Some parts of Accra, Tamale and Kasoa – including major markets and busy business centres – are set to experience power outages, the Millennium Development Authority (MiDA) has said.
The outages, which the Authority describes as ‘painful but necessary’, will begin in March 2020 and are meant to make way for the construction of primary power substations at Pokuase, Legon and Kasoa; as well as replacement of obsolete transformers and electrical installations, and installation of new ones at 10 selected markets and economic enclaves in Accra, Tamale and some other communities.
The selected markets and economic enclaves in Accra include Kaneshie, Agbogboloshie, Makola, Dansoman, Madina, Accra Timber Market and Nii Note; while those in Tamale, the Northern Region capital, are Tamale Central Market, Lamashegu and Tamale Timber Market.
Meanwhile, residents and businesses located around Pokuase, Legon, 37 Military Hospital and Kasoa and their surrounding communities – where construction of power substations are ongoing – will also experience scheduled power cuts of between two and eight hours a day, MiDA said.
MiDA’s CEO, Martin Eson-Benjamin, said the outages could be seen as ill-timed because it is an election year, and emphasised that they must not be misinterpreted as ‘dumsor’.
“Let me emphasise here that our major implementation phase has fallen into an election year. This could be seen as ill-timed, or well-timed, depending on who is commenting on our projects. On our part, we have a duty to do all that is possible to get work done successfully and the money fully spent before the Compact ends 18 months from today.”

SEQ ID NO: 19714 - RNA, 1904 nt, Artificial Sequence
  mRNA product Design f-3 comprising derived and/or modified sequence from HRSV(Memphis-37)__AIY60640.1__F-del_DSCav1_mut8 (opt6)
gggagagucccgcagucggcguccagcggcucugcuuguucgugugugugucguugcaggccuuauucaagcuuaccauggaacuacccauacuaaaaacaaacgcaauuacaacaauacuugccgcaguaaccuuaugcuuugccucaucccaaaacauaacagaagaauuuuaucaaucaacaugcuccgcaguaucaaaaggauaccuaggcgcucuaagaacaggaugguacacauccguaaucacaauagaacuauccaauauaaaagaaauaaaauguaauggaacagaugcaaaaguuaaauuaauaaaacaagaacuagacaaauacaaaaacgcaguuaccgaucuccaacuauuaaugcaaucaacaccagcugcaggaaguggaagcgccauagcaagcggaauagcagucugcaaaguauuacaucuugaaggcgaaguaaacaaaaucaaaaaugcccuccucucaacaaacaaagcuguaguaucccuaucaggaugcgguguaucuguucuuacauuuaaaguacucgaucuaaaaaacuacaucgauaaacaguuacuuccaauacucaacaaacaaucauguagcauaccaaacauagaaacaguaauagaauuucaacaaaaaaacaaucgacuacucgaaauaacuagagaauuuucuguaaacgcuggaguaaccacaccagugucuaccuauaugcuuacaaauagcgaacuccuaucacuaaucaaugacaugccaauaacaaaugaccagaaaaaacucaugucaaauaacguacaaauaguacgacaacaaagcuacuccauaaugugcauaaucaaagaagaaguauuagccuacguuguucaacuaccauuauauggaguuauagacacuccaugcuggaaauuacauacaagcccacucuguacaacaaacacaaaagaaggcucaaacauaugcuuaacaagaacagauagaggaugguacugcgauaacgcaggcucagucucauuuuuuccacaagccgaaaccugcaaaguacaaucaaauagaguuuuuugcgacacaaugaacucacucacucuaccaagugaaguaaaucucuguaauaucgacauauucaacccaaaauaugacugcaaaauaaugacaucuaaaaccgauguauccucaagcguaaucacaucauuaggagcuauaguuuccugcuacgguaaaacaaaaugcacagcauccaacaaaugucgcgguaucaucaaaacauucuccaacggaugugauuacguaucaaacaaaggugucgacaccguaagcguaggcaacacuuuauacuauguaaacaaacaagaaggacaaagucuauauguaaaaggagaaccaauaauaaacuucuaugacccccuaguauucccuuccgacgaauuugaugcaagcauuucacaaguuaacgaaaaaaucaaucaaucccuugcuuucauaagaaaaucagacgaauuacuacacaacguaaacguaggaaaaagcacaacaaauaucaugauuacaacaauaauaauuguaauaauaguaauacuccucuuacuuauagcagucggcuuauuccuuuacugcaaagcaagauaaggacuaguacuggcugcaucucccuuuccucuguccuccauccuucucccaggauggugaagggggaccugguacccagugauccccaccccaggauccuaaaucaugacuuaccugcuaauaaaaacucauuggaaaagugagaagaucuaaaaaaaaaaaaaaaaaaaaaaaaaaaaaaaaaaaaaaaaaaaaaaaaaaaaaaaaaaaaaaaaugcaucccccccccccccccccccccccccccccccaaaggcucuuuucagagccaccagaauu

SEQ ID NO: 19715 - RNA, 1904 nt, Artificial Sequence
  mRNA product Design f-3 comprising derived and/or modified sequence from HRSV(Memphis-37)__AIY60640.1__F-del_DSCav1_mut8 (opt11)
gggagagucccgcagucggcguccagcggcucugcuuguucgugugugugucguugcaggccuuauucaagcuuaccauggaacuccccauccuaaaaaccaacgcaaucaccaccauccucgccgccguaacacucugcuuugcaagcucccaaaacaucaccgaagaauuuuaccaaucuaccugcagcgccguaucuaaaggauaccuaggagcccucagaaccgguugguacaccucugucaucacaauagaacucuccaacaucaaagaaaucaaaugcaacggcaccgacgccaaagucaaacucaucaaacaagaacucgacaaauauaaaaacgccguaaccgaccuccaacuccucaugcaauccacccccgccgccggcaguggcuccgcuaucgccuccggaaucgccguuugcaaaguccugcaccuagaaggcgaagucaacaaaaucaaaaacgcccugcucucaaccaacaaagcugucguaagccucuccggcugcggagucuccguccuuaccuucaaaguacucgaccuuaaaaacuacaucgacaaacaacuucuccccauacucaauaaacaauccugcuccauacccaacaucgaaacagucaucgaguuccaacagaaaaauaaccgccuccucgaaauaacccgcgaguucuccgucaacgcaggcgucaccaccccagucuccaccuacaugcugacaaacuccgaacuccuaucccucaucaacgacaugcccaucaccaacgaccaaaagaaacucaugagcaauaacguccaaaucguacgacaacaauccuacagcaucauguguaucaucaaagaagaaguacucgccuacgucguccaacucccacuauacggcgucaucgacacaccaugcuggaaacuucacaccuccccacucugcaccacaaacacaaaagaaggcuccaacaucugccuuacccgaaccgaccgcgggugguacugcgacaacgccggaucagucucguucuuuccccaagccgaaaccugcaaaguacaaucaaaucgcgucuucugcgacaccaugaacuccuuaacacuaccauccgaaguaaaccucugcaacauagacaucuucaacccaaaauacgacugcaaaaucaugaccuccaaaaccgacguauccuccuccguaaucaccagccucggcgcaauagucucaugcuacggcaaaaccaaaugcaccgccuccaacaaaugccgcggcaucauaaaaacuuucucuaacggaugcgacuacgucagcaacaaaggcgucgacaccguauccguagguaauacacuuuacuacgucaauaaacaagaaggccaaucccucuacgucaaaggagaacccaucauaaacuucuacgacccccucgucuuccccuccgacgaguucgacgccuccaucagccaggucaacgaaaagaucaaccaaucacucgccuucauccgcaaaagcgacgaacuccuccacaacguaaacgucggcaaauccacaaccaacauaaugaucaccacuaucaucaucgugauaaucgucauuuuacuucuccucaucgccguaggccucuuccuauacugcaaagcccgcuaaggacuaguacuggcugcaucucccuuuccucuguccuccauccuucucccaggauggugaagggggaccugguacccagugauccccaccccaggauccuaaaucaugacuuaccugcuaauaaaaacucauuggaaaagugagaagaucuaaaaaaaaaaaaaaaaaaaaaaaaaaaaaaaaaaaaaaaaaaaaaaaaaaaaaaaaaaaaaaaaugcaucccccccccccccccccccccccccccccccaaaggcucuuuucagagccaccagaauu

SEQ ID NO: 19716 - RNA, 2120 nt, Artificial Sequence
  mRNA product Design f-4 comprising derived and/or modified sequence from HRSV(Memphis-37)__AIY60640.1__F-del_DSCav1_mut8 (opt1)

MiDA, which has 18 months to implement the Power Compact under the Millennium Challenge Accounts, says the aforementioned activities have been identified as high priority projects under the Compact. It however said there will be scheduled outages in order to make way for work to continue.
In all, the Authority is expected to spend a total of US$331.2million between now and September 2021 – which is the date the mandate of the Power Compact that MiDA is being implementing will end.
The Millennium Challenge Account is providing US$308.2million of the total amount, with the remaining US$23million being Counterpart Funds from the government of Ghana.
The projects, which are seen by MiDA as crucial to the economy, when completed will ensure sustainable and reliable supply of power to the beneficiary areas and to major health facilities like the 37 Military Hospital and University of Ghana Teaching Hospital.
Mr. Eson-Benjamin, who says he will not yield to political pressure because it is an election year, indicated that: “There is a time for everything, and this is the time for us to deliver that benefit to Ghanaians. It could be painful and difficult, but at the end of the day we opt to do what is good for our country.”
He added, “We shall therefore need the understanding and support of everyone, despite the vibrant political environment that will characterise this year and during the closing months of next year”.